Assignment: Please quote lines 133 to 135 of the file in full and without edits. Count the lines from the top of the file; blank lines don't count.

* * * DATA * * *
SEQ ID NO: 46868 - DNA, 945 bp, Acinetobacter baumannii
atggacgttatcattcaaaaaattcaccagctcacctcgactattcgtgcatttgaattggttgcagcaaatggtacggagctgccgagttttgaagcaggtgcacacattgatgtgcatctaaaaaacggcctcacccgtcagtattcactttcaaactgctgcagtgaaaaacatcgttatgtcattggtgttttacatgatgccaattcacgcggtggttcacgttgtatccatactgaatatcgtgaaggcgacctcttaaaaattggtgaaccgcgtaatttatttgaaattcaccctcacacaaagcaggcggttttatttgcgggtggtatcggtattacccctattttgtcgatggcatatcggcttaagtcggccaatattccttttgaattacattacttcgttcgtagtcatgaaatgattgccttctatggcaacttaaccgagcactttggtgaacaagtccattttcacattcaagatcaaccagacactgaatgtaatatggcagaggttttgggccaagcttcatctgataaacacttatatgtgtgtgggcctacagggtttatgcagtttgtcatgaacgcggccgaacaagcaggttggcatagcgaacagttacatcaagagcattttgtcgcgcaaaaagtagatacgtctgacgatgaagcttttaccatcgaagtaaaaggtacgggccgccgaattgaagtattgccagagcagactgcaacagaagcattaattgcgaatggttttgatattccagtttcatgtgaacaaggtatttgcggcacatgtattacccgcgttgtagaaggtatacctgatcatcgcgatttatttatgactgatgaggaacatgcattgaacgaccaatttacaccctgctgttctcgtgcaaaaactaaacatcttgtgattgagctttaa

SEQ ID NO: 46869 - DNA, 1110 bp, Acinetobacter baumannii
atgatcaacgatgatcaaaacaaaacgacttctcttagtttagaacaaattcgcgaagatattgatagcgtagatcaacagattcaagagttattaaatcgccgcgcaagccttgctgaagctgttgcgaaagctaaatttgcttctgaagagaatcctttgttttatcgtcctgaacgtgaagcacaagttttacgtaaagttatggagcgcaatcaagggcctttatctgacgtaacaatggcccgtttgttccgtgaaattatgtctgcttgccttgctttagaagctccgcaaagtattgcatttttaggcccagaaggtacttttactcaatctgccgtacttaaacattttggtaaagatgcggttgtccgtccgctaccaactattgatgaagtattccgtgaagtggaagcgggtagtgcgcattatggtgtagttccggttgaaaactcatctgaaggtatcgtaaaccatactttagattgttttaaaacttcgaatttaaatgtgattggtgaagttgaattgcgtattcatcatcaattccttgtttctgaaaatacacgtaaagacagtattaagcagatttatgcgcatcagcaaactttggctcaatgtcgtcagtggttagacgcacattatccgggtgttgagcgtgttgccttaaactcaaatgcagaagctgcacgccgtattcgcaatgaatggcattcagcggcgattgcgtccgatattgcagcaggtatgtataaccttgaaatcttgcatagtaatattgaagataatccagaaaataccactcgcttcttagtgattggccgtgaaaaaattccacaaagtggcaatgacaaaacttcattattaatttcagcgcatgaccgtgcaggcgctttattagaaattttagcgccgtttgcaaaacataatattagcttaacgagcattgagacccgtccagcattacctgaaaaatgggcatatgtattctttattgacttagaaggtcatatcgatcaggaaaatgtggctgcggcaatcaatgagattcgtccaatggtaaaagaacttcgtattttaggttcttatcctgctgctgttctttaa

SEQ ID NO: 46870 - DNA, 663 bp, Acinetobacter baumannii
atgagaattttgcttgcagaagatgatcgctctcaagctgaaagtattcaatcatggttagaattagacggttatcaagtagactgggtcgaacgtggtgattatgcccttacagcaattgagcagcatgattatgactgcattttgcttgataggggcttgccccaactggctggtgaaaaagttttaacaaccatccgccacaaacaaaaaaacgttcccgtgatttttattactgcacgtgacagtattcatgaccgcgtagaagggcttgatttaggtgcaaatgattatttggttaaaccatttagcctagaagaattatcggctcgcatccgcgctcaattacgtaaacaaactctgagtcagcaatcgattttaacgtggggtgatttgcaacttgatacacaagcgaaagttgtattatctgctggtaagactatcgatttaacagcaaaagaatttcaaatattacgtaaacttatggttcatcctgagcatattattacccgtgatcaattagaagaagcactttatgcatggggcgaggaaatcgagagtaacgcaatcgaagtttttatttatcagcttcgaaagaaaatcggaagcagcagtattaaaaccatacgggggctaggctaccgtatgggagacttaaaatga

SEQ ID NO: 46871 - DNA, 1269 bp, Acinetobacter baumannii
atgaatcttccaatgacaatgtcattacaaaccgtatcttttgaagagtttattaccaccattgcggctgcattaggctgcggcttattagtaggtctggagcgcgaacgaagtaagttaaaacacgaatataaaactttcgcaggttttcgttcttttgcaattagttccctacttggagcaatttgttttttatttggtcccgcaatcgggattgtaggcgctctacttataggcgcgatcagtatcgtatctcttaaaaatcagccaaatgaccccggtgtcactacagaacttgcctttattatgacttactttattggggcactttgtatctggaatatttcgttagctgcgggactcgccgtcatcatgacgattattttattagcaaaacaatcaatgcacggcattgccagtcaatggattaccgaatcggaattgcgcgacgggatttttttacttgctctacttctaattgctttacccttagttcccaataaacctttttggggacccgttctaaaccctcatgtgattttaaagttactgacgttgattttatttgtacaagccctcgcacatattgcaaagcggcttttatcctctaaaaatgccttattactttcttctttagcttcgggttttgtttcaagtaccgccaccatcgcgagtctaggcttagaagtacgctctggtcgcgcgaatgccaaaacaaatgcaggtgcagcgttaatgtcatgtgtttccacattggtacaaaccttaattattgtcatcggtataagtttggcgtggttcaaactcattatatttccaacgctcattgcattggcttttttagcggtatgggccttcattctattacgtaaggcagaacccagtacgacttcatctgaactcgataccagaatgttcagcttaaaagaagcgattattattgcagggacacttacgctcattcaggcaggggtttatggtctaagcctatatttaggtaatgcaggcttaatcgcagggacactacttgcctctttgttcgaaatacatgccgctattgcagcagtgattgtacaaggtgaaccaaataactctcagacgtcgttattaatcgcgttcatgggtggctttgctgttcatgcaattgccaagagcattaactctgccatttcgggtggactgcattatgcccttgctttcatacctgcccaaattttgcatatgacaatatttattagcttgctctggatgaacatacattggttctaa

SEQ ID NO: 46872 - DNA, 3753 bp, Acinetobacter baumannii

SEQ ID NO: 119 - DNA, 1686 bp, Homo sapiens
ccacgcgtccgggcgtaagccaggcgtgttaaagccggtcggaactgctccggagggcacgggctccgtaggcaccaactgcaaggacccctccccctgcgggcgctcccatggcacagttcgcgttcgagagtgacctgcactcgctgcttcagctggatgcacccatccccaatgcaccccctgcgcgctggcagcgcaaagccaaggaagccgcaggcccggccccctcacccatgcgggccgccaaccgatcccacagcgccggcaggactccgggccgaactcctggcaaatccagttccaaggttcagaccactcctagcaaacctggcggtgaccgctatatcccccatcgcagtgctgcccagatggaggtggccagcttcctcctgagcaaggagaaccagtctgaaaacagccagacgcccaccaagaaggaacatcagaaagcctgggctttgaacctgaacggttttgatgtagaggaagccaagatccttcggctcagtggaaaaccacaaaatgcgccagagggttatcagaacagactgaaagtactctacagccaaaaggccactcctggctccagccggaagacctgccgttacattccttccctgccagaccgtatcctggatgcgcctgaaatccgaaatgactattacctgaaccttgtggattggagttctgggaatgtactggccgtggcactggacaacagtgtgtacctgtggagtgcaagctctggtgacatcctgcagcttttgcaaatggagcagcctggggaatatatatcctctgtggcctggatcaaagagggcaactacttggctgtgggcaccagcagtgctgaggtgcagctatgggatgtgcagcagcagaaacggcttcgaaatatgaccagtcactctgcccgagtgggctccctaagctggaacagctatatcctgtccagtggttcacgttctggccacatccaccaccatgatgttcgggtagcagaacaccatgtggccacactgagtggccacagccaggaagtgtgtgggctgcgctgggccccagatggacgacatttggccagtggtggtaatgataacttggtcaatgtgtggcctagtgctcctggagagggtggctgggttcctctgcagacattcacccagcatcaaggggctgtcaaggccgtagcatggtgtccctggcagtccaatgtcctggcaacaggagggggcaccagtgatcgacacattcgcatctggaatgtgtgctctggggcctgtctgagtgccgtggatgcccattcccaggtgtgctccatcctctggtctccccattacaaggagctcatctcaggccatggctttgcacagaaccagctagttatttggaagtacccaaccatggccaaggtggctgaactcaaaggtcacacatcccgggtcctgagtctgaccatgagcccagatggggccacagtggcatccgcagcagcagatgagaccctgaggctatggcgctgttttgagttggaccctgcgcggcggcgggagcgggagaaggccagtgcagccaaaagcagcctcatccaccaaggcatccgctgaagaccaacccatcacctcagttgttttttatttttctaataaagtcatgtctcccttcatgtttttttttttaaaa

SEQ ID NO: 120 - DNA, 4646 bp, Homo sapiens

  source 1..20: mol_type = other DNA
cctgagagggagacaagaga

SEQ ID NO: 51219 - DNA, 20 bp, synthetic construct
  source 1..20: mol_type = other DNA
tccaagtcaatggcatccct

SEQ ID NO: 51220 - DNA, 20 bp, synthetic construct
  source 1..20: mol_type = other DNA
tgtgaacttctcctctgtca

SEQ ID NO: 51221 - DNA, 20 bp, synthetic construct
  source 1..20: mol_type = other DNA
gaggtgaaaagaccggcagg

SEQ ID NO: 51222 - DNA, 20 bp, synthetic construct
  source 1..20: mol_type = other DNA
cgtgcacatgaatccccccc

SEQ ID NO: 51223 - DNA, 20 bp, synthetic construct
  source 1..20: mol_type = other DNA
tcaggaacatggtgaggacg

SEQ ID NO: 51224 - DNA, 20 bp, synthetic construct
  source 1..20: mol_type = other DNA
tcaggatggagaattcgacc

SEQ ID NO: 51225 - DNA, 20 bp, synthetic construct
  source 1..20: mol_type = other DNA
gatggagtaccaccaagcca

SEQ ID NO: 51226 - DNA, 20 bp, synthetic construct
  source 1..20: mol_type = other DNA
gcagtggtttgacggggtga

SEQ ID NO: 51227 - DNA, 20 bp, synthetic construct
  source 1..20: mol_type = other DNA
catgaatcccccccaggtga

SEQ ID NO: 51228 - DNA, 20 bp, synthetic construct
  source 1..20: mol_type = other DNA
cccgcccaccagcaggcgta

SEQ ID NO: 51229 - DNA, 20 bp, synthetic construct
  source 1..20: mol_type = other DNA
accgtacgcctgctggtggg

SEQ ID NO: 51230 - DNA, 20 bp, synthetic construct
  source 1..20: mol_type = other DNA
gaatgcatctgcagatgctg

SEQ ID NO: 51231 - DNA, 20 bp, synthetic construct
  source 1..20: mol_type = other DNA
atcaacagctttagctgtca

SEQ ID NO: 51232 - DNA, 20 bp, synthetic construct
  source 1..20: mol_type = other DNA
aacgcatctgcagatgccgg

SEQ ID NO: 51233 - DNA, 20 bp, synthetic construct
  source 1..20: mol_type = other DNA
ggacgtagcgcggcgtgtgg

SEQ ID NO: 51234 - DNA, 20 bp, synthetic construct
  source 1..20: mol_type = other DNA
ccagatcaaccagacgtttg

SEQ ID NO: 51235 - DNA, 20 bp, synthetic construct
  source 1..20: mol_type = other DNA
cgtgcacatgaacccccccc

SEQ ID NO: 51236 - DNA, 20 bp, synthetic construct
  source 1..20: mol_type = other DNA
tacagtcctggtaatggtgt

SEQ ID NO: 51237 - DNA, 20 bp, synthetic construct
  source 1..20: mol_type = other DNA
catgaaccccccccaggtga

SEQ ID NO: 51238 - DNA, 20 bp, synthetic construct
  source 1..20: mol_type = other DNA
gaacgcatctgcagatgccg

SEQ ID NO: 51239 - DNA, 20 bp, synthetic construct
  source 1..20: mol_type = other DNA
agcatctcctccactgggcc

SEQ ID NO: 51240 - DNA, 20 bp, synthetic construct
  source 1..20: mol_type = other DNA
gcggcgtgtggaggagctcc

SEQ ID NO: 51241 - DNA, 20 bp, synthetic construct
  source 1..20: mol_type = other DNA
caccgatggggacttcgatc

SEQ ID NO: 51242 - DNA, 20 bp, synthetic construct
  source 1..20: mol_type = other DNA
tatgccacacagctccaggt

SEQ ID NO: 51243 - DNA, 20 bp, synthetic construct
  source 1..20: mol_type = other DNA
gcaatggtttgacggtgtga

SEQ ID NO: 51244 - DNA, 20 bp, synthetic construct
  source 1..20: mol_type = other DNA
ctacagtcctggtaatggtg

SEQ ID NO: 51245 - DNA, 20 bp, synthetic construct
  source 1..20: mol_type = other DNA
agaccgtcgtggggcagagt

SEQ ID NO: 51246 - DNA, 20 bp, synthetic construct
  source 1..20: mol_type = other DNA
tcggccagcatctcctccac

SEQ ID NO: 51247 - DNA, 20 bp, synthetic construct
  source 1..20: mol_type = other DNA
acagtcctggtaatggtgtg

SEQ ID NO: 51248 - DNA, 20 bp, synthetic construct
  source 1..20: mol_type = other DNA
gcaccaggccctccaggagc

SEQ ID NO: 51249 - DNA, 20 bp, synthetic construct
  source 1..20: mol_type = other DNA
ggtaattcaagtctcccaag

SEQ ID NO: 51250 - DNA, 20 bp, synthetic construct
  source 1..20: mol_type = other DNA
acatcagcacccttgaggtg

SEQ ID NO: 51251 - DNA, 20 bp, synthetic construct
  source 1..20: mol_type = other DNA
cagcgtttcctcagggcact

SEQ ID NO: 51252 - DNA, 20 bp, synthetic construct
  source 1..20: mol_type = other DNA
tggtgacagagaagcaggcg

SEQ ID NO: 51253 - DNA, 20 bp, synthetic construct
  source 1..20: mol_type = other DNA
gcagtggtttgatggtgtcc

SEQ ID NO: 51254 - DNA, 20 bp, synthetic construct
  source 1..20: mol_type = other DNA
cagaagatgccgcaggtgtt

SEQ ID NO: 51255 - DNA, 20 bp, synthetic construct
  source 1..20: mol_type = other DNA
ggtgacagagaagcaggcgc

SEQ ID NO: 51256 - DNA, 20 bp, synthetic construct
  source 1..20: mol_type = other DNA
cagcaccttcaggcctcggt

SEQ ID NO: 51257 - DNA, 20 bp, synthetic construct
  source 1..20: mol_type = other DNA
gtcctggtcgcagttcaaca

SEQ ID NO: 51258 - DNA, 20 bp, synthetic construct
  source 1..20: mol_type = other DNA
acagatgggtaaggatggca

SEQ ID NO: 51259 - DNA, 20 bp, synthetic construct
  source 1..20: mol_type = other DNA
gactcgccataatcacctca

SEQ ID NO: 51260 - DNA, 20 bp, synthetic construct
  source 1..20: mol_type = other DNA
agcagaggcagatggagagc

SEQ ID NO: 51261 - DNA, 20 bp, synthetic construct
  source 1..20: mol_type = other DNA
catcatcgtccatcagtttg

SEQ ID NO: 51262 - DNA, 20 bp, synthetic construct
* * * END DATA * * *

  source 1..20: mol_type = other DNA
acagatgggtaaggatggca

SEQ ID NO: 51259 - DNA, 20 bp, synthetic construct